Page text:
This cancellations are part of a big round of renewal decisions at the Disney-owned network today, which included the pickup of 13 current series for its 2020-21 slate.
While the cancellation of Emergence was considered likely, bubble comedies Single Parents, Bless This Mess and The Goldbergs’ spinoff Schooled all getting the ax was surprising, especially given the auspices involved. Two other ABC bubble shows, freshmen For Life and The Baker and the Beauty, remain in limbo.
The coronavirus pandemic grounding Hollywood production and throwing the 2020 pilot season into chaos was expected to benefit bubble series. While ABC has only ordered two new shows straight-to-series, Big Sky, from David E. Kelley and Call Your Mother, from Kari Lizer, the network, possibly encouraged by the strong end to the 2019-20 season, went a little deeper with its cancellations, pulling the plug on three sophomore shows. (ABC is coming off the longest winning streak of the season, ranking or tying for No. 1 in adults 18-49 on 10 consecutive weeks and becoming the No.1 network among adults 18-49 in entertainment, excluding sports, for the 2019-20 season.)
While there was a real chance that Bless This Mess and Single Parents — both from leading studio 20th Century Fox TV and both co-created and executive produced by one of the studio’s top showrunners, New Girl creator Liz Meriwether — won’t both make it, few expected that neither would be back next season. Of the two, Bless This Mess, which delivered respectable ratings behind ABC flagship comedy The Conners, was considered to have a slight edge. It was co-created by and starred Lake Bell, while Single Parents was co-created by another big name, J.J. Philbin.
Single Parents followed a group of single parents as they lean on each other to help raise their 7-year-old kids and maintain some kind of personal lives outside of parenthood. with Leighton Meester, Taran Killam, Kimrie Lewis, Jake Choi and Brad Garrett topping the cast.
Bless This Mess, which starred Bell and Dax Shepard as a newlywed couple whose plan to ditch big-city living for a simpler life in Nebraska, also starred Ed Begley Jr., Pam Grier, JT Neal and Christina Offley. Bell and Meriwether exec produced with Shepard, Jake Kasdan, Melvin Mar, Erin O’Malley, Katherine Pope and Barbie Adler.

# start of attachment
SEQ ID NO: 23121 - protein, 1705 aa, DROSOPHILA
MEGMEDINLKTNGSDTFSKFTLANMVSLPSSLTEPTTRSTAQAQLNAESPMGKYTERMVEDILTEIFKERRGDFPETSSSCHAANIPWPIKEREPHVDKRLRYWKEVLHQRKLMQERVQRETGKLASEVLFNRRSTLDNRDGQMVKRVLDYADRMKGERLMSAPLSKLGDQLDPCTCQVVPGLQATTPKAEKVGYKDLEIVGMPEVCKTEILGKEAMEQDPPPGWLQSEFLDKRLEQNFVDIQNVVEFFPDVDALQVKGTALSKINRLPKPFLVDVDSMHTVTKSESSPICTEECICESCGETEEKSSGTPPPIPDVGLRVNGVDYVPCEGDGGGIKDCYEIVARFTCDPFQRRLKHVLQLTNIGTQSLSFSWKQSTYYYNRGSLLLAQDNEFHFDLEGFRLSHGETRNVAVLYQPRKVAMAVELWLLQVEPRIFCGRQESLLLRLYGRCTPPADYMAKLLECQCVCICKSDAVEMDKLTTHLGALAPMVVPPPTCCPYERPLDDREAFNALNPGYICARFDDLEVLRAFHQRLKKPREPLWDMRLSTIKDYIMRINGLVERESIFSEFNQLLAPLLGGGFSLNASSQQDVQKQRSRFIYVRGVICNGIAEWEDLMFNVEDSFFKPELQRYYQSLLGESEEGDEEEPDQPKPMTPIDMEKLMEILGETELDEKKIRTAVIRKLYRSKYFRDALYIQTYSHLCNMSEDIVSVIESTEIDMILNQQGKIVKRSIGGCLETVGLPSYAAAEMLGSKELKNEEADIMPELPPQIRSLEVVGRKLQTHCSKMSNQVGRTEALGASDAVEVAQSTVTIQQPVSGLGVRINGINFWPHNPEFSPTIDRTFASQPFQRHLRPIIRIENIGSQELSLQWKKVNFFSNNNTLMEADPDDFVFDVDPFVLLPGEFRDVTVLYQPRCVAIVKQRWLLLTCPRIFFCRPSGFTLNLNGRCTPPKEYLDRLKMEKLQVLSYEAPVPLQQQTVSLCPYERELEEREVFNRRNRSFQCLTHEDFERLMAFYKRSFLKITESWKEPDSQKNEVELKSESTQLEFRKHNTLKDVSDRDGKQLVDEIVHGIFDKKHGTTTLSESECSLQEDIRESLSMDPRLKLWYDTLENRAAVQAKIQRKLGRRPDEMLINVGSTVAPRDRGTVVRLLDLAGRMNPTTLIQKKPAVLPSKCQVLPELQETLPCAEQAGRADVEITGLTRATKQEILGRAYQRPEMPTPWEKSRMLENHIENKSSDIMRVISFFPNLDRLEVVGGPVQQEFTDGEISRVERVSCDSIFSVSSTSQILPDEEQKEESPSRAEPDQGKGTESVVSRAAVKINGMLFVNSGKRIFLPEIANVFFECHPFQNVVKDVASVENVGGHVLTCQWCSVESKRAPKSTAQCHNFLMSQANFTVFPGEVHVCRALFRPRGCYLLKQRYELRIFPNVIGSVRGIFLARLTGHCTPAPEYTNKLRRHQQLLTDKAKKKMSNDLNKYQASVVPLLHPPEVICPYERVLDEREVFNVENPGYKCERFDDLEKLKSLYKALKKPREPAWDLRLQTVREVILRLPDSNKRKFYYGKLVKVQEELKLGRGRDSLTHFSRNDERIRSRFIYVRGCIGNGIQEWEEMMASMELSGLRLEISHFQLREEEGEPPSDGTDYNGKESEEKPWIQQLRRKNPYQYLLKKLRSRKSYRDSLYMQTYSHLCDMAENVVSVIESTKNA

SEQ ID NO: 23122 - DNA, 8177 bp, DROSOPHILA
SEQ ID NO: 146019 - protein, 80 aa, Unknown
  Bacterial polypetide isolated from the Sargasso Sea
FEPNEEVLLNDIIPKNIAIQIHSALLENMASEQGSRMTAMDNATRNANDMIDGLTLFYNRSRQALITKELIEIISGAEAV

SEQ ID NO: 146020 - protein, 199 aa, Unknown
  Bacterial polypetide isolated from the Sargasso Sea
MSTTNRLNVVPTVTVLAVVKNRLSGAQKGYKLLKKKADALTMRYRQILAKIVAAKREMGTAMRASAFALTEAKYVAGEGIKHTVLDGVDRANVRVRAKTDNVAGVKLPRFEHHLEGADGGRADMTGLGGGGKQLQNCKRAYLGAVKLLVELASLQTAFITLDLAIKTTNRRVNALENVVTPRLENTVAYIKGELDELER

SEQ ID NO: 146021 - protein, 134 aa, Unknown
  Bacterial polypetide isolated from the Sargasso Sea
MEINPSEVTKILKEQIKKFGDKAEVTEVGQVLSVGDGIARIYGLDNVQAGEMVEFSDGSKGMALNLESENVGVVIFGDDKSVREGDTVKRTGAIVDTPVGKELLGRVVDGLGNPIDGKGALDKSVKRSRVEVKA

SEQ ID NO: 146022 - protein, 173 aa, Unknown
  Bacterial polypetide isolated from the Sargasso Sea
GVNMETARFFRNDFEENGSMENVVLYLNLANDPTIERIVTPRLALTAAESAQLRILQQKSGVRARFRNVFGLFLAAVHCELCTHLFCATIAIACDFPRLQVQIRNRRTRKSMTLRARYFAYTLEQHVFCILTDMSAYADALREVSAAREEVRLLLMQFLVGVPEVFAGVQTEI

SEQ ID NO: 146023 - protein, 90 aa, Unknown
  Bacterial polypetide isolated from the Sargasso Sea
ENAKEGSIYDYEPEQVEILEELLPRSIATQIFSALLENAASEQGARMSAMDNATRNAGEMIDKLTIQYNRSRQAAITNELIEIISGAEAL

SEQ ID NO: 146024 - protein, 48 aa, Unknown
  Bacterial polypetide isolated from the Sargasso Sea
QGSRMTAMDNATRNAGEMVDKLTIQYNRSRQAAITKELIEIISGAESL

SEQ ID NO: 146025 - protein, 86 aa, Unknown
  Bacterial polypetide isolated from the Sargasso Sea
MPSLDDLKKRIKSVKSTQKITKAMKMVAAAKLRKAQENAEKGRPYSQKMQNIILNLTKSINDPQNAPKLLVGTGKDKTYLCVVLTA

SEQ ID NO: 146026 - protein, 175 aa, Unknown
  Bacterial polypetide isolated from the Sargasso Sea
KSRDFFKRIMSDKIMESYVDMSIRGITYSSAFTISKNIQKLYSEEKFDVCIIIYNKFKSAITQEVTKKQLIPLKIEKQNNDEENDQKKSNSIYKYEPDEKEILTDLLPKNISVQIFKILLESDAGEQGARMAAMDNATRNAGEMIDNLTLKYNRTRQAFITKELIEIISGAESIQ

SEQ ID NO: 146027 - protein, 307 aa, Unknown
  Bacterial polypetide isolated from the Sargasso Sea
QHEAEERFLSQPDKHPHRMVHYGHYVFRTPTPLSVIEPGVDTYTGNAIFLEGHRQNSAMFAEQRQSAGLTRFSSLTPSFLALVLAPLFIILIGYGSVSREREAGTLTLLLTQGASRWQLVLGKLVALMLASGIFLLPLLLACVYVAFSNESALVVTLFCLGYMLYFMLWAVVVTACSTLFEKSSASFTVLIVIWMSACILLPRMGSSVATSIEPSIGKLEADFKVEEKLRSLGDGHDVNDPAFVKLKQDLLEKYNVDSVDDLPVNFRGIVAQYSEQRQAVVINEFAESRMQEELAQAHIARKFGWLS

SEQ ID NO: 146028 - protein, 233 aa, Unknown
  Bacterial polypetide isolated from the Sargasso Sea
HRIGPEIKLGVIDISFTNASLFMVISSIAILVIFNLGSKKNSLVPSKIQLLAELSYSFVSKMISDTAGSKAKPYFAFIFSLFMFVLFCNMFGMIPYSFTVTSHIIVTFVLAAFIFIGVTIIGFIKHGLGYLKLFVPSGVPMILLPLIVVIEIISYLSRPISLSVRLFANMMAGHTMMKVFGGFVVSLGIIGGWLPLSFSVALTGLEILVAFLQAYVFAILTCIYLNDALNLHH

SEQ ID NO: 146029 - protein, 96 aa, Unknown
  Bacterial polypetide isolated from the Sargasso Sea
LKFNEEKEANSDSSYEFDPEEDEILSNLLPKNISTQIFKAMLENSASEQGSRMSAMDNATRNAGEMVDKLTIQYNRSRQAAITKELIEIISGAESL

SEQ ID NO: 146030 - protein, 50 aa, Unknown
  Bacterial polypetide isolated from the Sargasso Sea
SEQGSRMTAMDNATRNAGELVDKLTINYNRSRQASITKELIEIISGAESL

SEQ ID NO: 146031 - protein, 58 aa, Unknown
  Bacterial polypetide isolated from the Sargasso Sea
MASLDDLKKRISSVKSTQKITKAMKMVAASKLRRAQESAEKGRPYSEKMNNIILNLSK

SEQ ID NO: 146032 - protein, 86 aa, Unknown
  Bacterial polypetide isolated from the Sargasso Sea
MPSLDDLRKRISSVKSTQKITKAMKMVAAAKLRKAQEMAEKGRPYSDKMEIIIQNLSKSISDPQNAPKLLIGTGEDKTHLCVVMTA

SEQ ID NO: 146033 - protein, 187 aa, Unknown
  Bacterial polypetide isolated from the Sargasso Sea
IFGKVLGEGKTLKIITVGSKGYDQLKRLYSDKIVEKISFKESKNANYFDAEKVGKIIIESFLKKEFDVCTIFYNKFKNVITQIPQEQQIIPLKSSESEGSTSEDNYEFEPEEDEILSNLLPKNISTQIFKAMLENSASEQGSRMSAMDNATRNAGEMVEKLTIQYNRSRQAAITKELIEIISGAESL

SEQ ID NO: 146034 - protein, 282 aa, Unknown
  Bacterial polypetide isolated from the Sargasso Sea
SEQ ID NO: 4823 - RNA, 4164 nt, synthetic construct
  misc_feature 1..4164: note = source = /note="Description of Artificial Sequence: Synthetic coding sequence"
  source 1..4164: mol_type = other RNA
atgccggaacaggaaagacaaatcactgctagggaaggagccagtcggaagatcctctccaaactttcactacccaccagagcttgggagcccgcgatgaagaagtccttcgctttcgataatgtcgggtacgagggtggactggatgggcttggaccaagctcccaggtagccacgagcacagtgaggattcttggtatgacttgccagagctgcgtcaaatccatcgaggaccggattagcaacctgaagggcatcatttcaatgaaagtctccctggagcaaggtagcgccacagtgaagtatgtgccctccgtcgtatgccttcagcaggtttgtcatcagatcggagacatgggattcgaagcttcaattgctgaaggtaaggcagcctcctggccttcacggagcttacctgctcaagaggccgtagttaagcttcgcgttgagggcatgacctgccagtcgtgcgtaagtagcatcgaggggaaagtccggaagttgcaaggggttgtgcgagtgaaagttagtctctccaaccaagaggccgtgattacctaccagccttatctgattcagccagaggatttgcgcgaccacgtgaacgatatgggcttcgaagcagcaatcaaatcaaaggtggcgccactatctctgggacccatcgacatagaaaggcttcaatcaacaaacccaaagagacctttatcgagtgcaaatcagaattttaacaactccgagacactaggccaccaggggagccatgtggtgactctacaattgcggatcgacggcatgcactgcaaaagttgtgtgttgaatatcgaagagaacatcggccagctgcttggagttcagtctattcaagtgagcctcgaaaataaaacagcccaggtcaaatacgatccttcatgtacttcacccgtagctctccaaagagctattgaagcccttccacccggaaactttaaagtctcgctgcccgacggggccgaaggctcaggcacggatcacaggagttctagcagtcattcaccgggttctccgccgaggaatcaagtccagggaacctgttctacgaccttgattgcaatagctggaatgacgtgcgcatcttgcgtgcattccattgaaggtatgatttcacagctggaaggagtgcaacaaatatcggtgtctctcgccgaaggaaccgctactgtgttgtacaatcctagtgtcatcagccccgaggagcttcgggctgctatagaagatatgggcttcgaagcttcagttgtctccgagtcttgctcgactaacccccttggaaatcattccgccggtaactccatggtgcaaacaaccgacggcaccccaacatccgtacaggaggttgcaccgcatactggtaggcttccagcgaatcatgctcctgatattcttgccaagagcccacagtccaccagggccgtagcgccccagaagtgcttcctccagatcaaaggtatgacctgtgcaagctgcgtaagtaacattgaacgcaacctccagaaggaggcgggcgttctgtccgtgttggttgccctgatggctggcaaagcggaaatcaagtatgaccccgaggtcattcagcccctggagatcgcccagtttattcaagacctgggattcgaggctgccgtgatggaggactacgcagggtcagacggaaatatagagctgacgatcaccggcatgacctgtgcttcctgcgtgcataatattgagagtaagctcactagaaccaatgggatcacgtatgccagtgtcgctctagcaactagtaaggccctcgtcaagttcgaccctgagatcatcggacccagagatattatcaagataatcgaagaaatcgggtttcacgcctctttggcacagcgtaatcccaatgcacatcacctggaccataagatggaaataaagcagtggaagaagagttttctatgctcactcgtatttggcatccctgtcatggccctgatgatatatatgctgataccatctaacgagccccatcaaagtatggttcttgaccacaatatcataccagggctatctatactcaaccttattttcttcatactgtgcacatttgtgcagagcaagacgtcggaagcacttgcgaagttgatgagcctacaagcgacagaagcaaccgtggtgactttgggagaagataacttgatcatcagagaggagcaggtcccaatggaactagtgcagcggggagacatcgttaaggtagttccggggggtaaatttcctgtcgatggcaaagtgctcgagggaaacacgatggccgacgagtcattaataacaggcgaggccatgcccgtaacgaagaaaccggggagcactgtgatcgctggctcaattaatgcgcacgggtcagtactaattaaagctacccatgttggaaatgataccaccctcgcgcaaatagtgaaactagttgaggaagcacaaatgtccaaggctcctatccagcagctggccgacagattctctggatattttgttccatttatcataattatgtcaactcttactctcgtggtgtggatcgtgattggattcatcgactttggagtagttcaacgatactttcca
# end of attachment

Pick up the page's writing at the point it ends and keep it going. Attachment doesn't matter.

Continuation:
Schooled, from Sony TV and ABC Studios, had a rocky run with a slew of showrunner changes, which likely factored into the cancellation decision. The Goldbergs spinoff, set in the 1990s with Lainey Lewis, played by AJ Michalka returning to Jenkintown after her rock n roll dreams fizzled out, was created by Marc Firek and The Goldbergs creator Adam F. Goldberg. Firek was the original showrunner during Schooled’s freshman season. He was replaced by Tim Doyle at the start of Season 2, but Doyle himself left over creative differences after 13 episodes and was replaced by Tom Hertz and Vanessa McCarthym who ran the show for the back-nine Season 2 episodes.
ABC’s signature Wednesday comedy block will be a focus next season as Schooled, which aired in an 8:30 PM slot, and Single Parents, which aired at 9:30 PM, are no longer, and Modern Family which anchored the night at 9 PM ended its run.
The Goldbergs, which anchors the Wednesday lineup at 8 PM, was renewed for an eighth season.
Emergence didn’t connect with viewers during its fall run, despite extensive pre-launch promotion and strong reviews. The supernatural drama came to ABC in slightly unusual circumstances, moving from NBC, where it had been developed and piloted, last May. Starring Allison Tolman as a police chief who takes in a young child that she finds near the site of a mysterious accident who has no memory of what has happened, the genre thriller came from Michele Fazekas and Tara Butters, director Paul McGuigan and ABC Studios. Owain Yeoman, Ashley Aufderheide, Robert Bailey Jr and Zabryna Guevara also starred, along with Donald Faison and Clancy Brown.
Finally, Kids Say Darndest Things, which saw Haddish replace Bill Cosby in a reboot of the series that ran on CBS between 1998-2000, got off to a respectable start, becoming ABC’s most-watched fall premiere in the Sunday night slot in four years. However, it couldn’t keep its numbers up and lost buzz after its October bow.